“A torrent of water was released into the Colorado River from the Glen Canyon Dam in Arizona on Tuesday, in a disputed effort to improve the environment for fish in the Grand Canyon,” the New York Times reports.
The sheer volume of water released is extraordinary:
The water poured out of the dam as if pumped through a gigantic fire hose, at the rate of 41,500 cubic feet per second – enough to fill the Empire State Building in 20 minutes. This release, which engineers call “high flow,” was meant to scour the river bottom and deposit silt and sediment to rebuild and extend sandbars and create new, calm backwater areas where the fish can spawn.
The BBC adds that “the Colorado river rose quickly after the flood was released.”
1) It would actually be quite fun to do that – to fill the Empire State Building with water in 20 minutes. It would be a performance art piece called Modernism after the Flood.
2) These timed releases are also a means of “calibrating” the river to the West’s urban hydroelectric needs: the waters will now “rise and fall for six months in a pattern that the United States Geological Survey is calibrating to match the demand for hydroelectric power in cities like Las Vegas.” The waters will “rise and fall,” that is, not because of lunar tides or upstream rainfall, but because U.S. cities need more hydroelectric power.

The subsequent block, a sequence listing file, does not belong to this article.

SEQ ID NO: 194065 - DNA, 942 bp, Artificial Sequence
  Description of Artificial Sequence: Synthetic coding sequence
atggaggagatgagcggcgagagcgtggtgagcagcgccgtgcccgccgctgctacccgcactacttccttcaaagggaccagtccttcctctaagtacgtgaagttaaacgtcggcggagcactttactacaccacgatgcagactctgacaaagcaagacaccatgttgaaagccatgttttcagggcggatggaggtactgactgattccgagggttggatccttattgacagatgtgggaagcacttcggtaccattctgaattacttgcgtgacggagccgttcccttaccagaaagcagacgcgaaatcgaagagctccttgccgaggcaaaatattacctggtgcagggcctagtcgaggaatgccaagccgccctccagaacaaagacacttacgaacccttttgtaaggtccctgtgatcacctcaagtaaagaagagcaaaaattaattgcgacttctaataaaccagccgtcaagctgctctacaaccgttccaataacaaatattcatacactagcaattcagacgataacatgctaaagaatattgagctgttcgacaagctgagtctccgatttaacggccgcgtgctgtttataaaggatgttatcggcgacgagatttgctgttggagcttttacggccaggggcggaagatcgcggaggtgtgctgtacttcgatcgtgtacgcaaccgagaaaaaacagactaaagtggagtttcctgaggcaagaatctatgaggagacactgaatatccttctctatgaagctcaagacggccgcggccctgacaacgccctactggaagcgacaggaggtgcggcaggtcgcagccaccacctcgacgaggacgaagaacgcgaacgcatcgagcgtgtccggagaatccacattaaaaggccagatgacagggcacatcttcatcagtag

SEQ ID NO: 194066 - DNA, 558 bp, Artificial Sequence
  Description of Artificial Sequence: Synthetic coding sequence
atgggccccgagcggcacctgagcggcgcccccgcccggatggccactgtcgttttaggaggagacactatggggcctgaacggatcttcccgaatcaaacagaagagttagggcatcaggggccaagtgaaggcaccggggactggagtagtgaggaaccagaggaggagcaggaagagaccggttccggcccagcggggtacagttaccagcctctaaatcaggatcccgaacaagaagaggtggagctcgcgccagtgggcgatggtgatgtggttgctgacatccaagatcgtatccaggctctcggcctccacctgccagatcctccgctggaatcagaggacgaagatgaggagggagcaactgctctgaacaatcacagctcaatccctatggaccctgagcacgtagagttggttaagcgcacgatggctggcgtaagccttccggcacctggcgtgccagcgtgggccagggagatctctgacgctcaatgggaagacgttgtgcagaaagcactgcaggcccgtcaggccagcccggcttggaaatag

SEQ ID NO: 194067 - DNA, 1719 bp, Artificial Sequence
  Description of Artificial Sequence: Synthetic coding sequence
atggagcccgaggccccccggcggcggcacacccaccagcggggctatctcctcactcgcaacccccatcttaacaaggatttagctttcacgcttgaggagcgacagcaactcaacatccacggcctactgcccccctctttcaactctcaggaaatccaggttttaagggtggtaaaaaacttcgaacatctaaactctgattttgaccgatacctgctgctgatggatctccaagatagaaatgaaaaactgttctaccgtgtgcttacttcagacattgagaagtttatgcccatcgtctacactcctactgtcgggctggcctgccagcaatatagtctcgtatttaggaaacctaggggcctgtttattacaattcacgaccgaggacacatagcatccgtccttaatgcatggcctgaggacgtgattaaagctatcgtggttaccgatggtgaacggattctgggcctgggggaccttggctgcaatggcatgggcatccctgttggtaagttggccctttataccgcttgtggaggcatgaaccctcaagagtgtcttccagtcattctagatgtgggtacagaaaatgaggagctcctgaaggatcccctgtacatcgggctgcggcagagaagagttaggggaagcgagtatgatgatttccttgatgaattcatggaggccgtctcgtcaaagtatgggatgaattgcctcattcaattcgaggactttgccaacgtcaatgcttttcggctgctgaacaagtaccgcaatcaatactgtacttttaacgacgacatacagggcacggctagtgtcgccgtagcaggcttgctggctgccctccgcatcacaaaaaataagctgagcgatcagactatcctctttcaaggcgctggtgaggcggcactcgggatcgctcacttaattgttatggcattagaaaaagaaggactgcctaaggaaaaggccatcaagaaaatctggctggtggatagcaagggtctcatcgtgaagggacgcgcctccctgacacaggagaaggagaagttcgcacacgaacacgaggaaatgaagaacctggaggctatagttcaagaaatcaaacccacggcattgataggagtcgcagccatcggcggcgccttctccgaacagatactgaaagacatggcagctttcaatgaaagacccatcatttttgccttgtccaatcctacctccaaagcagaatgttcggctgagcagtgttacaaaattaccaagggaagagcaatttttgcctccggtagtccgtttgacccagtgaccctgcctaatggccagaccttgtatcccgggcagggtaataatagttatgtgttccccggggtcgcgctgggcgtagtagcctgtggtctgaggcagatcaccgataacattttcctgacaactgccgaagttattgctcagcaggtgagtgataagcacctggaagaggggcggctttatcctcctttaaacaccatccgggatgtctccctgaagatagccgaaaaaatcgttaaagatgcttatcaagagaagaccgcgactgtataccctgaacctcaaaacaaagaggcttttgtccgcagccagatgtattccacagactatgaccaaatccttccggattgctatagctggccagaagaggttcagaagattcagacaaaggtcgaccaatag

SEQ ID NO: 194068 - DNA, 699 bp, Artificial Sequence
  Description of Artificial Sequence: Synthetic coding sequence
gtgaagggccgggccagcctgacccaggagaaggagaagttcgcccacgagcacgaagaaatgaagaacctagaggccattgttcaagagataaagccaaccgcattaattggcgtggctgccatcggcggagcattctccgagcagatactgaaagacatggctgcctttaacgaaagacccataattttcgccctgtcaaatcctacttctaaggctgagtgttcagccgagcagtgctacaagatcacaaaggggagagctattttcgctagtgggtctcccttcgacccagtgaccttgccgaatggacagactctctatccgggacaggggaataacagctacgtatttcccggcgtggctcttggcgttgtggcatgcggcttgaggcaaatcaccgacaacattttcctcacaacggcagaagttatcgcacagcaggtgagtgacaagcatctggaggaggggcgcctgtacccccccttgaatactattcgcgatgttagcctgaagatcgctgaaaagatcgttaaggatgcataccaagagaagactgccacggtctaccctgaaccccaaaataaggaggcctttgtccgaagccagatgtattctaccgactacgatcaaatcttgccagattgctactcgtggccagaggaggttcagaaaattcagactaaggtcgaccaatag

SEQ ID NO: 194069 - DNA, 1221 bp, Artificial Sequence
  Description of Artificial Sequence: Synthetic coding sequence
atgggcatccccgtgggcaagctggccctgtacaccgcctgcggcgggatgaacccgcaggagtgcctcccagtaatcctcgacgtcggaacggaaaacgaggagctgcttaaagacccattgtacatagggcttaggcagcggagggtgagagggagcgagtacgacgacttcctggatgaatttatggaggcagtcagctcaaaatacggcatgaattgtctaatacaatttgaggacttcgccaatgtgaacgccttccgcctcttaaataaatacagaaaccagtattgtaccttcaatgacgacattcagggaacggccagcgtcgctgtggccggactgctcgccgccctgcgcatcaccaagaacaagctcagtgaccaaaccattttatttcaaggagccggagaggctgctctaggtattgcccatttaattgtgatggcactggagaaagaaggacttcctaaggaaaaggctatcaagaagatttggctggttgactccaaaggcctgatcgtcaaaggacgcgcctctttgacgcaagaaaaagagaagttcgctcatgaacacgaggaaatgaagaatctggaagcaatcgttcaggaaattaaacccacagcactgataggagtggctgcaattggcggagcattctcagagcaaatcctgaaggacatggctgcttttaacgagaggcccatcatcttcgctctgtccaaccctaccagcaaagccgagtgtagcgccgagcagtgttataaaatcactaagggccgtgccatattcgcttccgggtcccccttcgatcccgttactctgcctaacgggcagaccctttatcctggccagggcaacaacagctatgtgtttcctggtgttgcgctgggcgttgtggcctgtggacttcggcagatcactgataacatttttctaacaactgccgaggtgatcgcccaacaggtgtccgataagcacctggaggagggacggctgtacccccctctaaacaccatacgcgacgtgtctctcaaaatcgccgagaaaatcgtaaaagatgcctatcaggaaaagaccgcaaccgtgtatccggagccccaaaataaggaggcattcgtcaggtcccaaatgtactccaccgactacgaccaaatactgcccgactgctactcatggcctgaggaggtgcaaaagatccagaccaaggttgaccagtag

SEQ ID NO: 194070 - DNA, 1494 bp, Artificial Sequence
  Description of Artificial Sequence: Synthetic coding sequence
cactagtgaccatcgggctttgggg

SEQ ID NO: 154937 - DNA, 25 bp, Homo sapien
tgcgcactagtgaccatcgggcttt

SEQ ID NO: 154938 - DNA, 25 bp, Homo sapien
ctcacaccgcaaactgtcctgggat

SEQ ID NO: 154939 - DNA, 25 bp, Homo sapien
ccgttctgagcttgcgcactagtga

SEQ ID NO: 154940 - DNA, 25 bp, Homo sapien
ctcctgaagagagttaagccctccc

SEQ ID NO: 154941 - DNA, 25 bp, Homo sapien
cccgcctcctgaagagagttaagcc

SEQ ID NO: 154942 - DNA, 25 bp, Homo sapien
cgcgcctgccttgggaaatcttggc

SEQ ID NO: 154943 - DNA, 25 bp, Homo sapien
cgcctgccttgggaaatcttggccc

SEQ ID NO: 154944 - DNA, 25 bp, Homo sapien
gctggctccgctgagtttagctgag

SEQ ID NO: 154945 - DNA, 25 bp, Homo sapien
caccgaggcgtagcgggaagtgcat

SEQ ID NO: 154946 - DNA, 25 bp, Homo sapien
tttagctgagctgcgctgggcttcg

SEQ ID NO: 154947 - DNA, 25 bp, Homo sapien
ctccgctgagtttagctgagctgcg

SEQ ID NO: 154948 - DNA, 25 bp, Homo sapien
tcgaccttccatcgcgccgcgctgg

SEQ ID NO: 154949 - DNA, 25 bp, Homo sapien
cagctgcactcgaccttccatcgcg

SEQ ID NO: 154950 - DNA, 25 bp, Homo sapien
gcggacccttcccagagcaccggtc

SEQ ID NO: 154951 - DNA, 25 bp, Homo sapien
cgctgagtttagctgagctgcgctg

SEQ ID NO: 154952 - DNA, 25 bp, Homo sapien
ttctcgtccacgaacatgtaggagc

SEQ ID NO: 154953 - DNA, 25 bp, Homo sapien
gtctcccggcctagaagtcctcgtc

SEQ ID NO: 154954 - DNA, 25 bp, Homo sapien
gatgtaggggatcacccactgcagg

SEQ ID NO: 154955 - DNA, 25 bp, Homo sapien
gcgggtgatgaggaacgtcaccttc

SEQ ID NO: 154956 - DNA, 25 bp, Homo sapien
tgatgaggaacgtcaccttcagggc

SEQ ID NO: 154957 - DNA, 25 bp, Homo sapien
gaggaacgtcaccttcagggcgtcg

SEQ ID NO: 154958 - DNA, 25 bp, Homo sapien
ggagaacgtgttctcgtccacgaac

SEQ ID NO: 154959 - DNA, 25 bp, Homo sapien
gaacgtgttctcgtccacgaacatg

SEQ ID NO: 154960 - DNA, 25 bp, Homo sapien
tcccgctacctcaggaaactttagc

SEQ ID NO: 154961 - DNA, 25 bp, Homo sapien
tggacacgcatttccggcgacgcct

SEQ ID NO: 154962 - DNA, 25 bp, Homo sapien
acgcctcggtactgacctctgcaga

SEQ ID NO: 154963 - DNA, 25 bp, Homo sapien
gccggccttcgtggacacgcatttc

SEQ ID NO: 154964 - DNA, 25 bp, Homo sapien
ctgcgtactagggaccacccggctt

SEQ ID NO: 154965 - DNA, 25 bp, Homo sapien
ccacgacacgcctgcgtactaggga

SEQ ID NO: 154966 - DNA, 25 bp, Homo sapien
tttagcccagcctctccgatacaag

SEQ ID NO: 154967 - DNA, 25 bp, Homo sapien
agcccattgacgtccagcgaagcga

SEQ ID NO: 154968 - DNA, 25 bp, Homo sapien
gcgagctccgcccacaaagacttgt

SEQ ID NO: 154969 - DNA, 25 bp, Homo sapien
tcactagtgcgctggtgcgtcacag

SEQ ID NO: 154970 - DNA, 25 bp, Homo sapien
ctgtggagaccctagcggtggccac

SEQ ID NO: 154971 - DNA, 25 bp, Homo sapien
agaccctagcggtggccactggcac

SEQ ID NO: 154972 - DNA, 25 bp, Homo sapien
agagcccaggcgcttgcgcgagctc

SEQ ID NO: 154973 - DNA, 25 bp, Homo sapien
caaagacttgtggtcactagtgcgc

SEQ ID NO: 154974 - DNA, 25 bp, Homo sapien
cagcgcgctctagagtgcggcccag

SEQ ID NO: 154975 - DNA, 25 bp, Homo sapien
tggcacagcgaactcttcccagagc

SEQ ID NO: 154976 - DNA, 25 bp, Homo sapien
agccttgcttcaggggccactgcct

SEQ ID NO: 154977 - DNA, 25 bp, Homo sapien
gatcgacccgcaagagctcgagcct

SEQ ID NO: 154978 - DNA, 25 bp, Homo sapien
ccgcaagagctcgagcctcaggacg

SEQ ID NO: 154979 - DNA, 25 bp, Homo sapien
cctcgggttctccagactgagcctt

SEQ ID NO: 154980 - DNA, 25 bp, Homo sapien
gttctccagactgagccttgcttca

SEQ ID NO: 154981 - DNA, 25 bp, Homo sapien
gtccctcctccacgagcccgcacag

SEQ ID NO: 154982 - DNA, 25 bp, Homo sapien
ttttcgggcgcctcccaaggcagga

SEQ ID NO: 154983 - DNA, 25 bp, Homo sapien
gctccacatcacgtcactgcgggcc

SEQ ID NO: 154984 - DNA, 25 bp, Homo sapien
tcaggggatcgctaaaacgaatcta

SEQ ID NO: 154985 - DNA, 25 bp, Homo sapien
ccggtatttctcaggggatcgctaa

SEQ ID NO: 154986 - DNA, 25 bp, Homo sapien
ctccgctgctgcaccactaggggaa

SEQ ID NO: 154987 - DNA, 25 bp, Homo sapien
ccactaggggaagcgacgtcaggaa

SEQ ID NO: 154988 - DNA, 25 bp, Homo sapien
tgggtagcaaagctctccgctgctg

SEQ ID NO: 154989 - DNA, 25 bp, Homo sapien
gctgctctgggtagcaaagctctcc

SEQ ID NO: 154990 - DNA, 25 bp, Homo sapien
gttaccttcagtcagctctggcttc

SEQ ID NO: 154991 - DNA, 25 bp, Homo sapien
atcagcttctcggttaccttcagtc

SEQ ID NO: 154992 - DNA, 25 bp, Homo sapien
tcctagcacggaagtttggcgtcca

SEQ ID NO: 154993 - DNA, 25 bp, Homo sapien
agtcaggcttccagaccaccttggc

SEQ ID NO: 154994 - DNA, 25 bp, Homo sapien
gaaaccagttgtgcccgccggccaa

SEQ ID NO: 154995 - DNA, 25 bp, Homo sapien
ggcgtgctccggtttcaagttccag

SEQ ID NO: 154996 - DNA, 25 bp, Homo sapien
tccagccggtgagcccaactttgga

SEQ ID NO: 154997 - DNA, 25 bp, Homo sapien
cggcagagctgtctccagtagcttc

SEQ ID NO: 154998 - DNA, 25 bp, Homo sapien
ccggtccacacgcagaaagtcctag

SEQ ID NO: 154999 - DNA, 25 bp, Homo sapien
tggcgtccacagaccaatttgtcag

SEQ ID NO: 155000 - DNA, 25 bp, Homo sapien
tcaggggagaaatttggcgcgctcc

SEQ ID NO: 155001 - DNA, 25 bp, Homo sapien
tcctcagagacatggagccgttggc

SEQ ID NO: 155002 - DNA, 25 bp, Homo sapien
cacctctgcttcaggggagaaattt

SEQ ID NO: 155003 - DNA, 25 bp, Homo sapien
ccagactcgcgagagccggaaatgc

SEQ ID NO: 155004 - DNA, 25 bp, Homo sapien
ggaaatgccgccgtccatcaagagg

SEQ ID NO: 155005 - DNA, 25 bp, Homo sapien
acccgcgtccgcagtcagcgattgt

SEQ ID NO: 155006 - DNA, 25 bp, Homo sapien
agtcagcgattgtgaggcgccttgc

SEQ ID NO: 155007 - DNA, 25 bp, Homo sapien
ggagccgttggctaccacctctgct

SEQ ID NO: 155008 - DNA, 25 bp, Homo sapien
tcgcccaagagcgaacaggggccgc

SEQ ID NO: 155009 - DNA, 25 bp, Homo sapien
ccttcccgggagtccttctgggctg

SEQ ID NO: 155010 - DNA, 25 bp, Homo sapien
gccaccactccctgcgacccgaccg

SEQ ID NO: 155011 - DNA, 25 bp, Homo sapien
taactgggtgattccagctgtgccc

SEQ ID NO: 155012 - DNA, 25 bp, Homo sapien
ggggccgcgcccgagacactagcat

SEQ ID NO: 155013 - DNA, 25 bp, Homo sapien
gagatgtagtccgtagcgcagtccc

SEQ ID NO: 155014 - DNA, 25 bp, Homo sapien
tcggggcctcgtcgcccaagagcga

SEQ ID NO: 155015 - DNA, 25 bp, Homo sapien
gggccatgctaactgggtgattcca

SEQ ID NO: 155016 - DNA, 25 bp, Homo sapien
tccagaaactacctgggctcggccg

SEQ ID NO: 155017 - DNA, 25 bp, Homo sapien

So while it may be obvious to this point out, the implication is that the whole river is a machine now – and what appears to be a “river” is really a kind of liquid chart, graph, or diagram from which we can read the electrical needs of contemporary U.S. urbanism.
The river, then, is a sign – it is information-bearing. It is textual, graphic, communicative. The controlled river, with its unnatural floods and valved reservoirs, indicates.
(Earlier on BLDGBLOG: N.A.W.A.P.A.)